The Supreme Court Wednesday upheld the disqualification of 17 Congress-JD(S) MLAs in Karnataka but allowed them to contest the December 5 Assembly bypolls to 15 seats, setting aside the Speaker’s July order which disqualified them till the end of the term of the Assembly in 2023. The rebellion of the MLAs — 14 from Congress and 3 from JD(S) — led to the fall of the H D Kumaraswamy government and the return of the BJP.
Stating that “the satisfaction of the Speaker is subject to judicial review”, the bench of Justices N V Ramana, Sanjiv Khanna and Krishna Murari said “it is clear that the Speaker, in exercise of his powers under the Tenth Schedule, does not have the power to either indicate the period for which a person is disqualified, nor to bar someone from contesting elections”.
It said “neither under the Constitution nor under the statutory scheme is it contemplated that disqualification under the Tenth Schedule would operate as a bar for contesting re-elections”.
“We need to note that the Speaker, being a neutral person, is expected to act independently while conducting the proceedings of the House or adjudication of any petitions. The Constitutional responsibility endowed upon him has to be scrupulously followed. His political affiliations cannot come in the way of adjudication. If Speaker is not able to disassociate from his political party and behaves contrary to the spirit of neutrality and independence, such person does not deserve to be reposed with public trust and confidence,” it said.
The former MLAs had challenged the Constitutional validity of then Speaker K R Ramesh Kumar’s orders of July 25 and 28 which rejected their resignations saying these were not voluntary or genuine, and disqualified them till the end of the term of the 15th Legislative Assembly in 2023.
The bench concluded that their act of defection, which constituted the basis for their disqualification, happened prior to their resignations and, therefore, would not become infructuous by submitting the resignation letters.
“Disqualification relates back to the date when the act of defection takes place. Factum and taint of disqualification does not vaporise by tendering a resignation letter to the Speaker. A pending or impending disqualification action does not become infructuous by submission of the resignation letter, when act(s) of disqualification have arisen prior to the member’s resignation letter,” said Justice Ramana, writing for the bench.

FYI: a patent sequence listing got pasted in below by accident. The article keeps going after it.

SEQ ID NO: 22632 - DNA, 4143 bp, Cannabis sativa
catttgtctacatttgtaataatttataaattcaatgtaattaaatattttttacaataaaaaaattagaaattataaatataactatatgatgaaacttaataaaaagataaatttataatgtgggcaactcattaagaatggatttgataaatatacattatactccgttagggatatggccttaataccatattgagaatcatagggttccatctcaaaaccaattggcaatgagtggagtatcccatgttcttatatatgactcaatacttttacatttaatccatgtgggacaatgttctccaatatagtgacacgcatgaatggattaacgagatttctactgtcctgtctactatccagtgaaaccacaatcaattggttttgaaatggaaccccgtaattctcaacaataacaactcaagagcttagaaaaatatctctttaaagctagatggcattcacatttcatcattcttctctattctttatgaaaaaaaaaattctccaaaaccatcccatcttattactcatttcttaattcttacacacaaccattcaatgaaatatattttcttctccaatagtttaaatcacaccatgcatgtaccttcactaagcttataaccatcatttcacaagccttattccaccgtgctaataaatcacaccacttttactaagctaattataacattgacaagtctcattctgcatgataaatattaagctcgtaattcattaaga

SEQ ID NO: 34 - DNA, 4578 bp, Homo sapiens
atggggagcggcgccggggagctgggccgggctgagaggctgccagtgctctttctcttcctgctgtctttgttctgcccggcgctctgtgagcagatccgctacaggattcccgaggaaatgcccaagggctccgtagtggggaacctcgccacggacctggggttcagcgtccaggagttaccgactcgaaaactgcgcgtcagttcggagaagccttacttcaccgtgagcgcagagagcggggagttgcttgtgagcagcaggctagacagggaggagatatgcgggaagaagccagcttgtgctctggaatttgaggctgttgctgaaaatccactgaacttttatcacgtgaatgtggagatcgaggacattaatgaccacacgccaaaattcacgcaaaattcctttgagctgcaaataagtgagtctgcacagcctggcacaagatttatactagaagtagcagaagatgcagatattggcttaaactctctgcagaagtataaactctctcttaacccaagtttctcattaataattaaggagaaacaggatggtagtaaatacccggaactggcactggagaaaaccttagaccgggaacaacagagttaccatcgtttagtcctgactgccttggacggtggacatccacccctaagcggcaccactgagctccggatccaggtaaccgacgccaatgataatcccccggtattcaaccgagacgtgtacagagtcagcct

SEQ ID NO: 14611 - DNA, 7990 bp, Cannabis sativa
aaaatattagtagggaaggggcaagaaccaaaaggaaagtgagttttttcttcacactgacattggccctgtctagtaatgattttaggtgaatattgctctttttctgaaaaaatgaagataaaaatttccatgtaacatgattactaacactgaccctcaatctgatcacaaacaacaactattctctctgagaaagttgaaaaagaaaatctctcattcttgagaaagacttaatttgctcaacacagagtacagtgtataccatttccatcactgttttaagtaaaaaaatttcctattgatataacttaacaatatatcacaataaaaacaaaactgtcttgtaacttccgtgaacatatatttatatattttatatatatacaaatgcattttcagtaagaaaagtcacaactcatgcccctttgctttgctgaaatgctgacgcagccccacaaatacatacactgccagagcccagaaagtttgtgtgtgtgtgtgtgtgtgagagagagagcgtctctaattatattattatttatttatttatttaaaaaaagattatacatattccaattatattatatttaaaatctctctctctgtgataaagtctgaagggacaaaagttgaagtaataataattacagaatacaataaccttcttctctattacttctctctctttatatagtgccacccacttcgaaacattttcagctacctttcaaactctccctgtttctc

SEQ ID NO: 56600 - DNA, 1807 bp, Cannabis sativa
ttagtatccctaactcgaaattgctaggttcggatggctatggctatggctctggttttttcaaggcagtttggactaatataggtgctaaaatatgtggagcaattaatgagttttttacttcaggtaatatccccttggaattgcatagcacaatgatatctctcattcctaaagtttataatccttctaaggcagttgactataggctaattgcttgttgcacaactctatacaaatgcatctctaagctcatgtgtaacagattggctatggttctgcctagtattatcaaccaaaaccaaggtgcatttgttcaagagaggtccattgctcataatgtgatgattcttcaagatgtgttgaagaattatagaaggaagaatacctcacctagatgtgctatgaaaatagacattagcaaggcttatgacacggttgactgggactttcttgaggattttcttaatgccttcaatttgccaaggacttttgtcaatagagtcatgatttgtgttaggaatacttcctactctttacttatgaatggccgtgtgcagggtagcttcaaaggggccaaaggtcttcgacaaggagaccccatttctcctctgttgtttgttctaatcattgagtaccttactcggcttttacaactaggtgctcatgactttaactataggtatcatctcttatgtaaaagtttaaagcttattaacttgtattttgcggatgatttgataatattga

The bench ruled that “in the light of the existing Constitutional mandate, the Speaker is not empowered to disqualify any member till the end of the term”.
“However, a member disqualified under the Tenth Schedule shall be subjected to sanctions provided under Articles 75(1B), 164(1B) and 361B of Constitution, which provides for a bar from being appointed as a Minister or from holding any remunerative political post from the date of disqualification till the date on which the term of his office would expire or if he is re-elected to the legislature, whichever is earlier,” it said.
The bench also dwelt on the powers of the Speaker while dealing with resignations and said the Speaker can reject a resignation only if an inquiry demonstrates that it is not “voluntary” or “genuine”.
“...although the word ‘genuine’ has not been defined, in this context, it would simply mean that a writing by which a member chooses to resign is by the member himself and is not forged by any third party. The word ‘genuine’ only relates to the authenticity of the letter of resignation. Similarly, the word ‘voluntary’ has not been defined. In this context, it would mean the resignation should not be based on threat, force or coercion.”
The bench said “the inquiry” by the Speaker when a resignation is received “should be limited to ascertaining if the member intends to relinquish his membership out of his free will. Once it is demonstrated that a member is willing to resign out of his free will, the Speaker has no option but to accept the resignation. It is Constitutionally impermissible for the Speaker to take into account any other extraneous factors while considering the resignation”.
The bench rejected senior advocate Kapil Sibal’s contention that a Speaker, as part of his inquiry, can also go into the motive of the member and reject his resignation if it was done under political pressure.
“We are unable to accept this contention. The language of Article 190(3)(b) of the Constitution does not permit the Speaker to inquire into the motive of the resignation. When a member is resigning on political pressure, he is still voluntarily doing so. Once the member tenders his resignation it would be ‘voluntary’ and if the writing can be attributed to him, it would be ‘genuine’,” the bench ruled.
It voiced its concern on the “growing trend of the Speaker acting against the Constitutional duty of being neutral”.
“Further horse trading and corrupt practices associated with defection and change of loyalty for lure of office or wrong reasons have not abated. Thereby, the citizens are denied stable governments,” it said, adding that “in these circumstances, there is need to consider strengthening certain aspects, so that such undemocratic practices are discouraged and checked”.
The bench, however, said the petitioners should have first approached the High Court and not “leapfrogged the judicial hierarchy” by directly coming to the Supreme Court.